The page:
Dimitri: I’m a huge fan of the Green New Deal. And I think we have an extraordinary opportunity to garner massive public support for a green new deal right now. You know, the argument that has been made against large scale public investment to deal with the climate emergency is that the financial resources are not there for that. The pandemic is showing us that this is nonsense. The government has summoned up tens of billions of dollars to support the economy. After the pandemic, the right is going to start exerting tremendous pressure on the government to implement austerity, in order to pay for the very large tab that the government has picked up to support Canadians during this period.
What we should be doing instead is taxing the wealthy to a far greater degree than we are, we should be imposing hard limits on wealth accumulation and posing a 100 per cent tax. I’ll tell you what, to talk about a wealth tax. This is what I think a real wealth tax does. A wealth tax that is real and meaningful, would impose a 100 per cent tax on all networks in excess of $500 million. So we essentially tax billionaires out of existence.
You know, another thing we should be doing is we should be dramatically reducing our military spending, that would free up billions of dollars a year. We should be eliminating immediately all fossil fuel subsidies over the course of several years, that will generate billions more.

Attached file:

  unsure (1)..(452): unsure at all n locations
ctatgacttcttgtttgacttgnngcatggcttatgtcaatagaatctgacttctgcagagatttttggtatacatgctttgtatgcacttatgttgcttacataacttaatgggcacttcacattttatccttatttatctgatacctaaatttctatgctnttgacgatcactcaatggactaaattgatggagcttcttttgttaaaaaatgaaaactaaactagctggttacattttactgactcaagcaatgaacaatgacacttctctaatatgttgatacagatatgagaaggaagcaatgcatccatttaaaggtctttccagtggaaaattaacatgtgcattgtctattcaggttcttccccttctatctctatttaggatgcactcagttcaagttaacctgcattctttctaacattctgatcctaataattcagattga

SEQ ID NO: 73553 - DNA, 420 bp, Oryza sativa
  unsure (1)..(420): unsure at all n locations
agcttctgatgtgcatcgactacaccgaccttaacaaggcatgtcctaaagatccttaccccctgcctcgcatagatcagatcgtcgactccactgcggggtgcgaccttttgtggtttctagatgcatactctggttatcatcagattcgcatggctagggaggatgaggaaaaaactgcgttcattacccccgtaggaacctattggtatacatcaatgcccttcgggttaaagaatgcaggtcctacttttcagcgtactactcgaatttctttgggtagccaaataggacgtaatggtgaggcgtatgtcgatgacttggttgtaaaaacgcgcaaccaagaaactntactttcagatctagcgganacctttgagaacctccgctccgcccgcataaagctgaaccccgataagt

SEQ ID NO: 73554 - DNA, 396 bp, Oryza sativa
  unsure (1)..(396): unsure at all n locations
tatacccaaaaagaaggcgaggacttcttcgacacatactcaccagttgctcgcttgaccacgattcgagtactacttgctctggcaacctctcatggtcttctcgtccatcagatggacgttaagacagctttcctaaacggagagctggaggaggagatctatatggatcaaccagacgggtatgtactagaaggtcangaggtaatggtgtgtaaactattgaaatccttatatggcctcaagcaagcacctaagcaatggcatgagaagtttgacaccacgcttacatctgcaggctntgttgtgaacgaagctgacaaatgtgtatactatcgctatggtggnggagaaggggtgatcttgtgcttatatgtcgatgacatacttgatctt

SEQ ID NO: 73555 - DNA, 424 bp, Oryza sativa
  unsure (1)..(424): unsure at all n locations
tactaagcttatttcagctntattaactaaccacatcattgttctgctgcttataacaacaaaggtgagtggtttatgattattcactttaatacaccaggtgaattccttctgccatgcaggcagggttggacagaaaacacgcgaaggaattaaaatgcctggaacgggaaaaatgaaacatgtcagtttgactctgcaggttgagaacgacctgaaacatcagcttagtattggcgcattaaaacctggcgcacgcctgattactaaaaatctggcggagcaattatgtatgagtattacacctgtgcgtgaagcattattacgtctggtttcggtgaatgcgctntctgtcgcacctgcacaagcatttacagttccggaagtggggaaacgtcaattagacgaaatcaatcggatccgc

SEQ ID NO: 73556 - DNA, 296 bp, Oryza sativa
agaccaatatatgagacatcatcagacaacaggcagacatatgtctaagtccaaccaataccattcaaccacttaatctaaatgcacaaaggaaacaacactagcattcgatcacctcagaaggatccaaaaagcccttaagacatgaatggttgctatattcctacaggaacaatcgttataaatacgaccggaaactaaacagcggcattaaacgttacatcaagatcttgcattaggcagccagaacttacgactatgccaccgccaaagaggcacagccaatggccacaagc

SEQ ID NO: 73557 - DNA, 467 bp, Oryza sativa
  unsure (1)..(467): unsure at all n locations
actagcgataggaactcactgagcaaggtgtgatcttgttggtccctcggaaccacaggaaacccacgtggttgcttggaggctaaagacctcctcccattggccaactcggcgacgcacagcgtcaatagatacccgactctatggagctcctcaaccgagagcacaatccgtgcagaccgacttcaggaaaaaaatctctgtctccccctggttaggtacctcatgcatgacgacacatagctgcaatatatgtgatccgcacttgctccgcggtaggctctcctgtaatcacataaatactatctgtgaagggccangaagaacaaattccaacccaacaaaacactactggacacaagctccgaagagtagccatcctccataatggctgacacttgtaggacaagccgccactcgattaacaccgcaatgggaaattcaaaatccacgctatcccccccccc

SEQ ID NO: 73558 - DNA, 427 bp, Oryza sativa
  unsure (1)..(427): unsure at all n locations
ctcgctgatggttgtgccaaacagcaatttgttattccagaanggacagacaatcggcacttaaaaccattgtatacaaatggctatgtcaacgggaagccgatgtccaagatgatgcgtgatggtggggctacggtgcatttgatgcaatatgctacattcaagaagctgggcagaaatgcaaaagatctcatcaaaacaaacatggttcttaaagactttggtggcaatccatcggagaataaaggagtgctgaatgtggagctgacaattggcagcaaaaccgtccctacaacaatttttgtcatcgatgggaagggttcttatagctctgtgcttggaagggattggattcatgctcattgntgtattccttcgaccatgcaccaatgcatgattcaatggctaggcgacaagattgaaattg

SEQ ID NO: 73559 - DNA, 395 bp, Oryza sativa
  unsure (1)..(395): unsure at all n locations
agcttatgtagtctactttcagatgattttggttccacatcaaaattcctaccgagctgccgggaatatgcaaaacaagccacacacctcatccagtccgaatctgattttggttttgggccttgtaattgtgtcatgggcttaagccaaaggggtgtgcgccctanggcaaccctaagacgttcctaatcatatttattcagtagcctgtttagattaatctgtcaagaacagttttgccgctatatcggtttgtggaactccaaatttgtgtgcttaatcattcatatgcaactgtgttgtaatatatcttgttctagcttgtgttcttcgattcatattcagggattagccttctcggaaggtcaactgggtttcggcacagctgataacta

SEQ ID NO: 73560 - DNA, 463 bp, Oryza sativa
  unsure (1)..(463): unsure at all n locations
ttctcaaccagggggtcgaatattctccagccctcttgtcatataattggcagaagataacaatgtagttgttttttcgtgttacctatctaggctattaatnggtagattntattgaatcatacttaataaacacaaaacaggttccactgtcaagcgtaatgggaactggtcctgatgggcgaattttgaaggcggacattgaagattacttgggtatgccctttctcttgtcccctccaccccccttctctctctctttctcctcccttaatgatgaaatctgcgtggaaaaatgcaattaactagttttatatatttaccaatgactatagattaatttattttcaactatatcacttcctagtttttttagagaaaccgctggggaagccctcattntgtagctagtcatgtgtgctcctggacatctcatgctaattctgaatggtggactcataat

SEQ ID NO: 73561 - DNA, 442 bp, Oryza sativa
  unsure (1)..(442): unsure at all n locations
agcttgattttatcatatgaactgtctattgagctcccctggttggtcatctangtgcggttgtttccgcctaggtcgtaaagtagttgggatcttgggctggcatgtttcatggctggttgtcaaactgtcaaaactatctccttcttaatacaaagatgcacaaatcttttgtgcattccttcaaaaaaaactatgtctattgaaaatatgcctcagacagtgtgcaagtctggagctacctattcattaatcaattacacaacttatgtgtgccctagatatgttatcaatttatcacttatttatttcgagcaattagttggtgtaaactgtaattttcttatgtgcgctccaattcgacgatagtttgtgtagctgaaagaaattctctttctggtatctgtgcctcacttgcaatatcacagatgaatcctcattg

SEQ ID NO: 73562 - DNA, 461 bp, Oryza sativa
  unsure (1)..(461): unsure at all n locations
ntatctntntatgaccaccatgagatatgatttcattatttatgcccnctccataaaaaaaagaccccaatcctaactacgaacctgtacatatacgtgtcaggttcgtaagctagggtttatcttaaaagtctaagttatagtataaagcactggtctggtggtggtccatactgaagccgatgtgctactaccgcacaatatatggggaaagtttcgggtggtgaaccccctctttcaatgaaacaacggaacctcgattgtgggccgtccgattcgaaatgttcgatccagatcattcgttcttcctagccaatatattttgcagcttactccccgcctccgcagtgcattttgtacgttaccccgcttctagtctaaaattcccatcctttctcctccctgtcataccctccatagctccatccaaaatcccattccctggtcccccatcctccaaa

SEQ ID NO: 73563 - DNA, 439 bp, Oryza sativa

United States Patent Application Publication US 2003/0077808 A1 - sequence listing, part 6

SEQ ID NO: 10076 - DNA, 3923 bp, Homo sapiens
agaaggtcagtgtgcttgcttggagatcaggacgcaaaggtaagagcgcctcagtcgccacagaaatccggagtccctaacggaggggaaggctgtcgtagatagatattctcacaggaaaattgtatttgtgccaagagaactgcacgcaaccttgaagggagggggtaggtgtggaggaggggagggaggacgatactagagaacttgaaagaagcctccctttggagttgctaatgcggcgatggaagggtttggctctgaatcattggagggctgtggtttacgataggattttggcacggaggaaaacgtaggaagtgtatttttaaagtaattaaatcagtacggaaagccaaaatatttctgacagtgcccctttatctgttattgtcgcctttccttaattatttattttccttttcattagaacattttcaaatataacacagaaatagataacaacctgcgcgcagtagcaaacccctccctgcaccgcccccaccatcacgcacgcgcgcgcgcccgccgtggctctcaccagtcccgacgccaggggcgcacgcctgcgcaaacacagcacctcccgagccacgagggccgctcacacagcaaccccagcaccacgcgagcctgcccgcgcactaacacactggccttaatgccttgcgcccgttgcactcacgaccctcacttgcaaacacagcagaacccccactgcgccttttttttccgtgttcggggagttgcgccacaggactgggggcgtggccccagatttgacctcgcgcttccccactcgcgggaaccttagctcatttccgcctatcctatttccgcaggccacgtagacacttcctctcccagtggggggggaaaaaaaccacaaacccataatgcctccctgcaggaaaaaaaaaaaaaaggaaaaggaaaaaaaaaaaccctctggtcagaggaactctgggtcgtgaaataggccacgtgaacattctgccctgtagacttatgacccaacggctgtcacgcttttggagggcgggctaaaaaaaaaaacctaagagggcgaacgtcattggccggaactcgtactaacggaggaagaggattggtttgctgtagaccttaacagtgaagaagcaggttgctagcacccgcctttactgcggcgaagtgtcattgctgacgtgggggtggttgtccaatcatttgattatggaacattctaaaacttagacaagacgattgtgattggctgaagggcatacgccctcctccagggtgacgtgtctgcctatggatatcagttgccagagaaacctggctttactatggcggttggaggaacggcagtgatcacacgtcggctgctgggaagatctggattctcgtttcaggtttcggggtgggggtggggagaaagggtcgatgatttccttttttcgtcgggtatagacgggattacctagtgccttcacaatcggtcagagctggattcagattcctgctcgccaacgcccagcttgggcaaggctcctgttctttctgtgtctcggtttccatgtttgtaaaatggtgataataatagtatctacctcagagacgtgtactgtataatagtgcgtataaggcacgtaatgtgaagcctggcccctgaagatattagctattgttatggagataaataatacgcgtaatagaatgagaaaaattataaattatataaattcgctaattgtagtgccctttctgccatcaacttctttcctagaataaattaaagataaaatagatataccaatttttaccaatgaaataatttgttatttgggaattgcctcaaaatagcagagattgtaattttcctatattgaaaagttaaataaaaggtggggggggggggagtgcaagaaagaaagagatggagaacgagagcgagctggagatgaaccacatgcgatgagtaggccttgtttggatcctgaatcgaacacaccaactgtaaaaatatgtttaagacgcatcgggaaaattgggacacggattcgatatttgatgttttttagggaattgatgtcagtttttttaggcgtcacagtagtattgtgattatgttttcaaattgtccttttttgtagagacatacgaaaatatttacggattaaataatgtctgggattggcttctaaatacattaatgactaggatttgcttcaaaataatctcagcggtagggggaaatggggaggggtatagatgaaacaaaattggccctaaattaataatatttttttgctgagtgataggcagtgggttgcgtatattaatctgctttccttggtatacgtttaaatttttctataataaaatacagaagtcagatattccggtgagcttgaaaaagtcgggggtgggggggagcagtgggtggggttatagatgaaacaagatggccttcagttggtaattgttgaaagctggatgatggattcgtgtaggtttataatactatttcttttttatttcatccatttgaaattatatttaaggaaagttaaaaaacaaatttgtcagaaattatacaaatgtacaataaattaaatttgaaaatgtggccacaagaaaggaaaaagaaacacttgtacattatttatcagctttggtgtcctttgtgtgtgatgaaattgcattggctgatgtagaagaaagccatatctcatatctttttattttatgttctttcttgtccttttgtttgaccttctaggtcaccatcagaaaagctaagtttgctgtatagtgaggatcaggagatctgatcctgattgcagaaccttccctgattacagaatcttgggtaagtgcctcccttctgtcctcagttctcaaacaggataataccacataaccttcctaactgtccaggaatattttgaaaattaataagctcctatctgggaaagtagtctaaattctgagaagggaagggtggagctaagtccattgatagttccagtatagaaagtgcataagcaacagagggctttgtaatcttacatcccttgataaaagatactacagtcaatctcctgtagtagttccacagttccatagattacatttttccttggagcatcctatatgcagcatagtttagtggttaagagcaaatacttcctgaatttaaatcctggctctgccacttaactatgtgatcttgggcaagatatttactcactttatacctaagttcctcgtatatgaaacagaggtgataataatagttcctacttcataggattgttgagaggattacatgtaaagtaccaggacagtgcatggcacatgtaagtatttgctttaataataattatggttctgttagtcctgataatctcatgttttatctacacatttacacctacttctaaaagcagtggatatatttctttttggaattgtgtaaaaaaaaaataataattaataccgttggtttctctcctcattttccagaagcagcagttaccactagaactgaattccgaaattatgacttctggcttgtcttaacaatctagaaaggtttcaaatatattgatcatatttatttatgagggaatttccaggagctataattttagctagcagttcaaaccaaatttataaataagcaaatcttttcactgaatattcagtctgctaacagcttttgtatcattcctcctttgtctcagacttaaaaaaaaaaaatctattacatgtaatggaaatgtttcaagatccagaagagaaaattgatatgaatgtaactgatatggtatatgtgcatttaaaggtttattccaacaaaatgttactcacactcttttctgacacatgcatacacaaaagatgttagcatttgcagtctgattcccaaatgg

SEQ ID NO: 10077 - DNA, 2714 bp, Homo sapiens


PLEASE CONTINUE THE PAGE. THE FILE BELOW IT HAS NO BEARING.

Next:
Ultimately though, if we’re going to sell Canadians on the idea that we have to phase out the fossil fuels industry as rapidly as possible, they are going to have to see that we’re not just a party of the “NOs” but we’re a party of the “YES”. We say yes to supporting workers, we say yes to public investment, we say yes to improving the quality of life for all Canadians through a guaranteed basic income, for example, and through more generous and indispensable social supports.
Daniel: You mentioned we can win people to a eco-socialist platform by implementing labor reforms that will allow for a transition of workers from the fossil fuel industry. Can you discuss what form will this transition of labor from the fossil fuel industry into more sustainable industries will take?